Today's guest post comes from Matt. Enjoy.
Hey there, Matt here! If you've been following the blog so far, I'm sure you have learned a lot about the different tools and archaeological methods used at Tel Ashkelon, and even about the lives of the archaeologists and volunteers themselves, some of whom are my own peers in the Harvard Summer School Program. I'm a rising junior at Boston College studying Linguistics and Economics. I became involved in this program because my Biblical Hebrew professor suggested I try out archaeology. Although I do not plan to work in the field of archaeology, this trip has been extremely informative. I have been able to situate my modest knowledge of the Ancient Near East in a historical and geographic context. For example, yesterday many of the volunteers here left on a field trip to two other archaeological sites in the Biblical Shephelah, otherwise known as the low lands. One of these sites was Azekah. This tell borders the Valley of Elah, which is mentioned in 1 Samuel 17 as the place where the Israelites met the Philistines in battle and presumably where David fought Goliath. This process has been extremely intriguing to me.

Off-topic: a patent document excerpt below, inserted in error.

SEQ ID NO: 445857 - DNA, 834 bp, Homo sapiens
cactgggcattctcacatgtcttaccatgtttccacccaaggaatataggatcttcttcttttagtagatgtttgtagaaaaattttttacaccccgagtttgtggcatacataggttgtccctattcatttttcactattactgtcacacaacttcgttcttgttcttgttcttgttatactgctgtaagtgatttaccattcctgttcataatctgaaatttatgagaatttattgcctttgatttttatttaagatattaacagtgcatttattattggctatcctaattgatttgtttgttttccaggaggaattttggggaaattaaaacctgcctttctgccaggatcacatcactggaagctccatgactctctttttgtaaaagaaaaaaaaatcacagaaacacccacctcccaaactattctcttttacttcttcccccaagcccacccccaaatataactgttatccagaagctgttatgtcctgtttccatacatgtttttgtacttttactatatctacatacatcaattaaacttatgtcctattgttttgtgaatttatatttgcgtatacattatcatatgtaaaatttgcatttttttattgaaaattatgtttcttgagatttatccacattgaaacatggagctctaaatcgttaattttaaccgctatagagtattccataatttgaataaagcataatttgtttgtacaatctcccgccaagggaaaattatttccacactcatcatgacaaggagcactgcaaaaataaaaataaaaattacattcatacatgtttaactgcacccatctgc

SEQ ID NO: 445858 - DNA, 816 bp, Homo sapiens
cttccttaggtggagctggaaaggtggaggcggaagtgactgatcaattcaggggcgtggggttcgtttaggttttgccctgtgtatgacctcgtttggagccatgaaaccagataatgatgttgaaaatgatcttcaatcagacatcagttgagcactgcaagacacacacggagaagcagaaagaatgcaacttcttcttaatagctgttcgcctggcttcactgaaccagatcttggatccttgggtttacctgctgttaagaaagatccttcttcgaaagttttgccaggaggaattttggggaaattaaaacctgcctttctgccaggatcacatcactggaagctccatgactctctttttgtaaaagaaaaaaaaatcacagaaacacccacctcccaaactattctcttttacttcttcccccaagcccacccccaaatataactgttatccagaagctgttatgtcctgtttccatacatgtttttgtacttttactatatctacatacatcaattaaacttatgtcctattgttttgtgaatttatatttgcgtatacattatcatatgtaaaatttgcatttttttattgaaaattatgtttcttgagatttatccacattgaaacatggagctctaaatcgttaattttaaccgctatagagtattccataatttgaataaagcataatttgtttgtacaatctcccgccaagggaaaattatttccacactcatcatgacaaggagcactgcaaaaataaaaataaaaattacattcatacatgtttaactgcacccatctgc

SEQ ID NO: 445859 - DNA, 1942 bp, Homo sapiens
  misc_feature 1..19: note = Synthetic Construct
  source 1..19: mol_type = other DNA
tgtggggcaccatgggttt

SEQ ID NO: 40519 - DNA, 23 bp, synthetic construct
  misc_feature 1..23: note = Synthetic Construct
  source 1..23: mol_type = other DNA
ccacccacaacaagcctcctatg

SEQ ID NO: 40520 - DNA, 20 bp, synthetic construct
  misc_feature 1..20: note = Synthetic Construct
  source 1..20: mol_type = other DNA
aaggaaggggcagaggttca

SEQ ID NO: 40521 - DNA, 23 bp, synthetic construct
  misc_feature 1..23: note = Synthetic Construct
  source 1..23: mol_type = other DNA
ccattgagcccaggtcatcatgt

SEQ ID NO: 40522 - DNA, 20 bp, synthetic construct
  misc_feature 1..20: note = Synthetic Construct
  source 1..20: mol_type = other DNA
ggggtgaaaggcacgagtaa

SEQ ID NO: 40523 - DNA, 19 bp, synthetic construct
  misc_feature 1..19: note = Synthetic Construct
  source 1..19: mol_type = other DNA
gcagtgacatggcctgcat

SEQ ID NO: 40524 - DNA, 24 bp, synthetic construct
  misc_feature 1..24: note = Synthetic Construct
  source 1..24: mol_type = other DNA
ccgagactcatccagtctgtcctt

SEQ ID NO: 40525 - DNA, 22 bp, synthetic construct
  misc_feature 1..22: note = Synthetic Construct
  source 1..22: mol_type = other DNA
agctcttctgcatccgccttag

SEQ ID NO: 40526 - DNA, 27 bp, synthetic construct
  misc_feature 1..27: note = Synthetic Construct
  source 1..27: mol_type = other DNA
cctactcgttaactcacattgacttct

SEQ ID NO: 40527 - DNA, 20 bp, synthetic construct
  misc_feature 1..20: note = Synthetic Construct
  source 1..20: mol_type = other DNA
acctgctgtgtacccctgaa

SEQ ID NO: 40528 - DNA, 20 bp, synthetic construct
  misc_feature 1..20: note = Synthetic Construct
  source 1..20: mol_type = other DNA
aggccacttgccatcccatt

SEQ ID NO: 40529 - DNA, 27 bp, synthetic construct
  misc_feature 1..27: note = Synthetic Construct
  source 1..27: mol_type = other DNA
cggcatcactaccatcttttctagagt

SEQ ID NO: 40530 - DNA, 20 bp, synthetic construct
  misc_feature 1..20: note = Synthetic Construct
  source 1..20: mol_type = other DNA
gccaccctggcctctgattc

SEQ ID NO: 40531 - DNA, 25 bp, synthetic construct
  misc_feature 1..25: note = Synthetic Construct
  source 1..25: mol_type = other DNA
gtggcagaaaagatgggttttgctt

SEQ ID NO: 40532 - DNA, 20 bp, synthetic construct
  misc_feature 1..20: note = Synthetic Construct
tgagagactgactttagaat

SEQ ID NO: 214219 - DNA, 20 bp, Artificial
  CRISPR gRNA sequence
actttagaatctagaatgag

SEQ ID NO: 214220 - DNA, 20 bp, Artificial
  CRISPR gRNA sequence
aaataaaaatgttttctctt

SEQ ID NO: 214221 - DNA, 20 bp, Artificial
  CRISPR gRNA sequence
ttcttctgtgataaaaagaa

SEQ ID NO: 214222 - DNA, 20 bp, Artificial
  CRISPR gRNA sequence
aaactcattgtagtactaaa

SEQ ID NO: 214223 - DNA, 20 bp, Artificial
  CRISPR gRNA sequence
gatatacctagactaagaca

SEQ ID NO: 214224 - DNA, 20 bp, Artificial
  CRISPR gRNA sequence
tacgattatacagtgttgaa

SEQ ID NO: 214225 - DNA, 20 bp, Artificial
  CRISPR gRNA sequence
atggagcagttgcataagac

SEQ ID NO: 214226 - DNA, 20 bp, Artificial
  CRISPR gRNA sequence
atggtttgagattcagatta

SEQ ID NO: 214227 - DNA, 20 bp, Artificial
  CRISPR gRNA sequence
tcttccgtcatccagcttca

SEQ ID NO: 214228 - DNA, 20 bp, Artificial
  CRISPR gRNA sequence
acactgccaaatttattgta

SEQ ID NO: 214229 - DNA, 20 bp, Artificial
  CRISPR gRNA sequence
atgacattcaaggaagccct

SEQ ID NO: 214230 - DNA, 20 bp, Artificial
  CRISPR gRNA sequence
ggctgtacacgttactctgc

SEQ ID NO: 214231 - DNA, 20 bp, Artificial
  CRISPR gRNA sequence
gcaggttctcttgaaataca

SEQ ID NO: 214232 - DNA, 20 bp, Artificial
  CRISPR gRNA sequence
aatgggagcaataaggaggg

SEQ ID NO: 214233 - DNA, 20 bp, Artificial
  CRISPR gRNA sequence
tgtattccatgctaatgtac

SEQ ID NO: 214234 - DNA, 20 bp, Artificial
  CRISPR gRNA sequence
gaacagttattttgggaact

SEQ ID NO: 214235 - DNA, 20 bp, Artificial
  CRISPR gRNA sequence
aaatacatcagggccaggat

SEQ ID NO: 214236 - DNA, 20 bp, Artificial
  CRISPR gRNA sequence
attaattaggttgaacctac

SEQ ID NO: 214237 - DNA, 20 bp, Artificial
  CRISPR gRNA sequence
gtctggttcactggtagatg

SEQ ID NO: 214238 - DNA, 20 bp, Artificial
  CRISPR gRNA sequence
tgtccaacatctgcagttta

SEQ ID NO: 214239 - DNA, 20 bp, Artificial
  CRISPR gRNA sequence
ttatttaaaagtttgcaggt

Archaeological finds are especially interesting to me because I mainly focus in texts in my linguistic studies. Therefore, since I have mainly learned about the Ancient Near East through texts, I had not previously had the experience of digging through ancient people's garbage to discover how they REALLY lived, not just how they said they lived. This has given me a different perspective on ancient life and on the nuances between idealized and realized life in both ancient and modern contexts.
I hope to continue finding out more about digging and Ashkelon as I work on the so-called “Snake Tower” in Grid 20. It has been an absolute privilege to work there, and I know that it will be an experience that will change my work ethic moving forwards. I can guarantee that I have never moved this many buckets (well, guffas) before in my life! As we discover more about the free-standing walls, the towers, and the newly uncovered walls, I hope to understand the relationship between people and architecture, and how those relationships span through different periods of occupation. This has been a more than thrilling experience so far and I can't wait for what comes next. I'll leave off with a quote that has reassured and motivated me throughout the dig: “The answers lie beneath.”